Annotation: He was heavyweight champion from 1937 to 1949. His most memorable victory came on June 22, 1938, when he avenged a loss to Germany's Max Schmeling with a first-round knockout at Yankee Stadium. Joe Louis's victory delivered a blow to Adolf Hitler's doctrine Aryan supremacy. At a time when segregation by law and custom was still widespread in the United States, Joe Louis's appeal transcended race.
In 1936, German heavyweight boxer Max Schmeling knocked out previously unbeaten Joe Louis in the 12th round. A year later, in Chicago's Comiskey Park, Louis won the world heavyweight boxing title when he defeated Jim Braddock in an eighth-round knockout, become the first African American heavyweight champ since Jack Johnson, who lost the title in 1915.
A year later he knocked out Max Schmeling just 2 minutes, 4 seconds into the first round at Yankee Stadium.
Document: "He [Billy Conn] can run but he can't hide."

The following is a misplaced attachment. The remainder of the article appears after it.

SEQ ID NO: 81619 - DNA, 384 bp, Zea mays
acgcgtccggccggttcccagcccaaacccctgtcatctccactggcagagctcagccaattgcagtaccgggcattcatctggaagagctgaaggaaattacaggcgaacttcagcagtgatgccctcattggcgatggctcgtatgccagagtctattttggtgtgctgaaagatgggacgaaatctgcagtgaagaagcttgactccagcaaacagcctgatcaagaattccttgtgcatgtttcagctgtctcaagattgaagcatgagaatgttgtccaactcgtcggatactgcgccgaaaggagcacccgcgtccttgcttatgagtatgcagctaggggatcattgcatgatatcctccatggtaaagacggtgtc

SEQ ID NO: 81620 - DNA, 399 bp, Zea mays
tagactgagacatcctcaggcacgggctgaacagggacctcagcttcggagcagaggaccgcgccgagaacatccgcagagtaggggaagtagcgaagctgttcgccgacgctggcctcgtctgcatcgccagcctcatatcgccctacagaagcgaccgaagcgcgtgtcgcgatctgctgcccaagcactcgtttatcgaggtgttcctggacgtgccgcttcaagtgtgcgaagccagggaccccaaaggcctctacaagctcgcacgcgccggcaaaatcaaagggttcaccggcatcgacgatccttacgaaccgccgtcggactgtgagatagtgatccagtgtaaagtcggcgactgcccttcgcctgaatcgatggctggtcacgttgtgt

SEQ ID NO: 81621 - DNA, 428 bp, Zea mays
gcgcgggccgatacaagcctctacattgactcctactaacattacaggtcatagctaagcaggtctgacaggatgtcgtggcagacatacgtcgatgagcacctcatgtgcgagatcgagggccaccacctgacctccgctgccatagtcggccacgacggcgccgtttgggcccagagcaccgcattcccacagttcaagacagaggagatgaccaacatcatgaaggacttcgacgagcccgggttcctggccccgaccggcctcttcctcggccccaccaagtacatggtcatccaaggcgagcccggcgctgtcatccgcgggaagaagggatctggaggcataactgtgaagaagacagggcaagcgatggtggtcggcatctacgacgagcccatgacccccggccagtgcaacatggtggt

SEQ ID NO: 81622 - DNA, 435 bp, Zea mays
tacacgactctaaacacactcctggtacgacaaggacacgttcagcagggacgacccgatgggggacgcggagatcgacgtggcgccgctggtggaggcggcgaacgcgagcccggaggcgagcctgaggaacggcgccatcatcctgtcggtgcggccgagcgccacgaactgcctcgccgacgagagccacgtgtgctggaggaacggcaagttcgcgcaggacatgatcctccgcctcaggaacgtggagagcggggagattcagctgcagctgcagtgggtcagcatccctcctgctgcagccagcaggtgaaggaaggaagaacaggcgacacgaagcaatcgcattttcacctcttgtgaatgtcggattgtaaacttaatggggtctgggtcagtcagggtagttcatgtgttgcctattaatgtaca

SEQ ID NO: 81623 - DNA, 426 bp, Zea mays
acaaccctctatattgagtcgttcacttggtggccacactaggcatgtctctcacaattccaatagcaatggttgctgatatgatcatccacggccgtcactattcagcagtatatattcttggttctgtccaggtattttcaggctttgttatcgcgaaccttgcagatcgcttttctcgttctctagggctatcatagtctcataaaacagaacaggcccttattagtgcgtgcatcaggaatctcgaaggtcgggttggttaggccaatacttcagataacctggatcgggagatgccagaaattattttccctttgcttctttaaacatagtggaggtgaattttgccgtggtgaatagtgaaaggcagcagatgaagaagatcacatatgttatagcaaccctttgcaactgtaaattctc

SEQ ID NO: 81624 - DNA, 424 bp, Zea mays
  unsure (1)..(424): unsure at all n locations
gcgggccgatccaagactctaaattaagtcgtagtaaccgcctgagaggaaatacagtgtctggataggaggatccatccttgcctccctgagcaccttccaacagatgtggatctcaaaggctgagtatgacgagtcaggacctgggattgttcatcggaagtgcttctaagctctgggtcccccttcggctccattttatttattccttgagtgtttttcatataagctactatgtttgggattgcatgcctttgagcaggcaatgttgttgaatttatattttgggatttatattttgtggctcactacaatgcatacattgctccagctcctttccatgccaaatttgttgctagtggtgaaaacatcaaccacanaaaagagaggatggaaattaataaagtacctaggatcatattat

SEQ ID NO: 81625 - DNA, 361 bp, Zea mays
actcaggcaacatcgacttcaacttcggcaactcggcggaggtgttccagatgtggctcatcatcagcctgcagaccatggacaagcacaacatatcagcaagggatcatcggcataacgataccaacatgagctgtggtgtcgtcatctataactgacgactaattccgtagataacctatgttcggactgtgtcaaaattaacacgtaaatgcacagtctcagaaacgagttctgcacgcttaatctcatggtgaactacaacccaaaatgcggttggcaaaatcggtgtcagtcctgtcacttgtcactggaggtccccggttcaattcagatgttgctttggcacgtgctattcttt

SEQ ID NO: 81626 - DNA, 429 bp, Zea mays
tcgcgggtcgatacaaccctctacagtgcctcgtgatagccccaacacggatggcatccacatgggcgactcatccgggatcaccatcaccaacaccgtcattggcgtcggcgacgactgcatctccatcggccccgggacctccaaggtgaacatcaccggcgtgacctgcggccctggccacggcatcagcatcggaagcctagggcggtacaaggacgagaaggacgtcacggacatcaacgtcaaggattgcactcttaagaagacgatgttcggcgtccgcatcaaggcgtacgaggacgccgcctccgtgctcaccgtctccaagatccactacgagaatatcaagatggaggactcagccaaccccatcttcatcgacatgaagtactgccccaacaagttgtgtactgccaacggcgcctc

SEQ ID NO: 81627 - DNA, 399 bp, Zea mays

"I just don't know where the money went. I wish I did. I got 50% of each purse and all kinds of expenses came out of my cut."
"When I was boxing I made five million and wound up broke, owing the government a million. If I was boxing today I'd make ten million and wind up broke, owing the government two million."
"Everybody wants to go to heaven, but nobody wants to die."
"I don't like money, actually, but it quiets my nerves."
"I made the most of my ability and I did my best with my title."
"When I had the title I went on the bum-of-the month tour."
"Oh I knew that if I kept on fighting, some guy would come along and take the title away from me, but not this guy, never tonight."
"The whole damned country was depending on me."
"Now I feel like a champion." --Joe Louis
"Joe, we need muscles like yours to beat Germany." --President Franklin Roosevelt
"When you're hit by Louis, it's like a light bulb breaking in your face." --James Braddock